Citizens from various nations on the home fronts of World War I perceived women in a new light, and granted them recognition as pivotal role players in the war effort. World War I was a total war, including soldiers on the battlefronts and civilians on the homefronts. Many women contributed to the effort on the home fronts through the difficult labor in the medical, industrial, and agricultural fields.Women impacted the war in tremendous ways on the home fronts by successfully fulfilling jobs perceived prior to the war as only being “masculine trades.” With the job security women provided, nations were able to focus entirely on the war, elevating their chances at success. Also, with women working in jobs that were once viewed as primarily “masculine,” they found a new sense of empowerment in society. With this sense of empowerment came women seeking active citizenship through suffrage in both the United States and England. Women were a fundamental asset to the success of nations in World War I, and the war would not be remembered the same without them.
Novelist Pat Barker’s works explore the hardships of life and the inner turmoil experienced by those suffering in England as World War I unfolds. Barker analyzes the intense feelings of belonging of men who serve their nation in war and, in contrast, the feelings of marginalization that her female characters face. War destroys the characters’ relationships, both by separating them physically, and by polarizing opinions about whether the outcome of war is worth the tremendous loss inflicted by it. Additionally, war destroys relationships through death, and many characters believe that death is inevitable, and therefore no longer value human life. In the novel Toby’s Room, protagonist Toby rapes his younger sister Elinor just days before being deployed to battle. Barker depictsToby’s inner turmoil due to his lack of control over his deployment to war as being at the root of his violent actions. Ultimately, Barker’s novels focus on the impacts of war on the individual, and how it has the potential to reveal troubling and disturbing emotions within.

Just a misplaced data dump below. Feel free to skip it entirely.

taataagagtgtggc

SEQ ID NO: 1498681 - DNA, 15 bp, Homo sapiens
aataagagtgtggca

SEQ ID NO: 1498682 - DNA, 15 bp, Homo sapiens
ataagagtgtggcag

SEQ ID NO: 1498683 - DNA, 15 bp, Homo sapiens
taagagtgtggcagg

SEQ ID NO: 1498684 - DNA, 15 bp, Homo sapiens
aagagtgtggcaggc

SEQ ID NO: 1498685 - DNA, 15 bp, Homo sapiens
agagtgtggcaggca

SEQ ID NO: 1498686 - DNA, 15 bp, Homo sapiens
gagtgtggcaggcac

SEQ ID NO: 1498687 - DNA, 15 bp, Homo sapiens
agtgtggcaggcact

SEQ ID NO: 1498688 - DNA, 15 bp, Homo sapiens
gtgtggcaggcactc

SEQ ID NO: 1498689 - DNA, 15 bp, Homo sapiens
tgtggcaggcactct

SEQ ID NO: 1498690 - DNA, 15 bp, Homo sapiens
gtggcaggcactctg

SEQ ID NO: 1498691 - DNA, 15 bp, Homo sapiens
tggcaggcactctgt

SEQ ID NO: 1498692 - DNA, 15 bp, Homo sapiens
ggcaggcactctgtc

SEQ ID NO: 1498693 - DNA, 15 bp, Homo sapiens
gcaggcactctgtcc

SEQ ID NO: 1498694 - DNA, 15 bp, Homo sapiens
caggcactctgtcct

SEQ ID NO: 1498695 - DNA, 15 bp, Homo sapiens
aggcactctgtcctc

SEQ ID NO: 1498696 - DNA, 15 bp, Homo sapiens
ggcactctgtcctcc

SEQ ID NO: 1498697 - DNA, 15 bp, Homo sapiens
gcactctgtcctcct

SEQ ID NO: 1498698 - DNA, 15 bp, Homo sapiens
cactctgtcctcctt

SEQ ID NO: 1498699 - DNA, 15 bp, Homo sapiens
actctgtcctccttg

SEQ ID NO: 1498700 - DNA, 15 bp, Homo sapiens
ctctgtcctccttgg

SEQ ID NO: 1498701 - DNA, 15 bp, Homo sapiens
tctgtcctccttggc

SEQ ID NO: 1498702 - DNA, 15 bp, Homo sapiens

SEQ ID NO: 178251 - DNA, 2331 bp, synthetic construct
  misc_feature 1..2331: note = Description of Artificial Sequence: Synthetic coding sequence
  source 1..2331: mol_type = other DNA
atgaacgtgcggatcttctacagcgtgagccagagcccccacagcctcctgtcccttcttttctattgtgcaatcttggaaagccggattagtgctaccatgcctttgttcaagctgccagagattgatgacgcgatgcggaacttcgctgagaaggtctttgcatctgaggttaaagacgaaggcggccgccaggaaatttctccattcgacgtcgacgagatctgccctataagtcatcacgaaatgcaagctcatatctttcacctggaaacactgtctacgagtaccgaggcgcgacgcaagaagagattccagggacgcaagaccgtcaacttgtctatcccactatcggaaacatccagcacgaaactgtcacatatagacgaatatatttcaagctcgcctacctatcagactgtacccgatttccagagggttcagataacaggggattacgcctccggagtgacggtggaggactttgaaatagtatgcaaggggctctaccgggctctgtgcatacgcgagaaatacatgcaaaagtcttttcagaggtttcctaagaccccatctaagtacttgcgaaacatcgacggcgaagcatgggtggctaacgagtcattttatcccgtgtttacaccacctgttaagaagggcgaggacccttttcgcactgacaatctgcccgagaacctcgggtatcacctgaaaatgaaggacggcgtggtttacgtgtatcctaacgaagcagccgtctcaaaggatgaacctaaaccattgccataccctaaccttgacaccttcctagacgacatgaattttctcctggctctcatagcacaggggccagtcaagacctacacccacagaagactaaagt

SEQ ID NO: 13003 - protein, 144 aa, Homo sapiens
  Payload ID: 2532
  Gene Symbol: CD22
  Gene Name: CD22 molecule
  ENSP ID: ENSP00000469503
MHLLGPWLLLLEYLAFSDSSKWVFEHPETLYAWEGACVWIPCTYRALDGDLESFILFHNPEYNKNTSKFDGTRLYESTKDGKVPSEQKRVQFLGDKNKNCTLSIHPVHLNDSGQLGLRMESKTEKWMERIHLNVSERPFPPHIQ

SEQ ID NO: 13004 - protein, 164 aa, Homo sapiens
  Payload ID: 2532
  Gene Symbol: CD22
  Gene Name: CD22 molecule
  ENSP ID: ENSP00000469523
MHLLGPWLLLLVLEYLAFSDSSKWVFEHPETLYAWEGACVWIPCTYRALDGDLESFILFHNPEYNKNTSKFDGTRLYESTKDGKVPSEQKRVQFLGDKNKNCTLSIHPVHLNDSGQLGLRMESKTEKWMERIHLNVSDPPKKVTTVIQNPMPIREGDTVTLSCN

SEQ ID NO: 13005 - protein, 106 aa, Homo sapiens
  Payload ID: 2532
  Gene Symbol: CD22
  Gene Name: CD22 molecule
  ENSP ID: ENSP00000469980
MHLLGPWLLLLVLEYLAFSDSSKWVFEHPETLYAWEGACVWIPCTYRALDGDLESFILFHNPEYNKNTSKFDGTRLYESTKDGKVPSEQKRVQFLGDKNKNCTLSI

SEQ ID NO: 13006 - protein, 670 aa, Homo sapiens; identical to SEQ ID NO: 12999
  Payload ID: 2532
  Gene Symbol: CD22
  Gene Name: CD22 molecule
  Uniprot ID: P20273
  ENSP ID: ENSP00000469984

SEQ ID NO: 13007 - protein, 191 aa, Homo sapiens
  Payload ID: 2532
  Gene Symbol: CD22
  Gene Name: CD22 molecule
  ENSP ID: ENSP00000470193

Major Works Consulted:
Barker, Pat.Life Class. New York: Doubleday, 2013.
Photo Credit:Canter, Alicia..Pat Barker Interview. 2015. The Guardian. Web. 8 Apr. 2016.
--. .Toby's Room. New York: Doubleday, 2012.
Darrow, Margaret H.French Women and the First World War: War Stories of the Home Front.Oxford: Berg, 2000.
"Women's Roles on the Home Front."BBC News. BBC, 2014. Web. 31 Mar. 2016.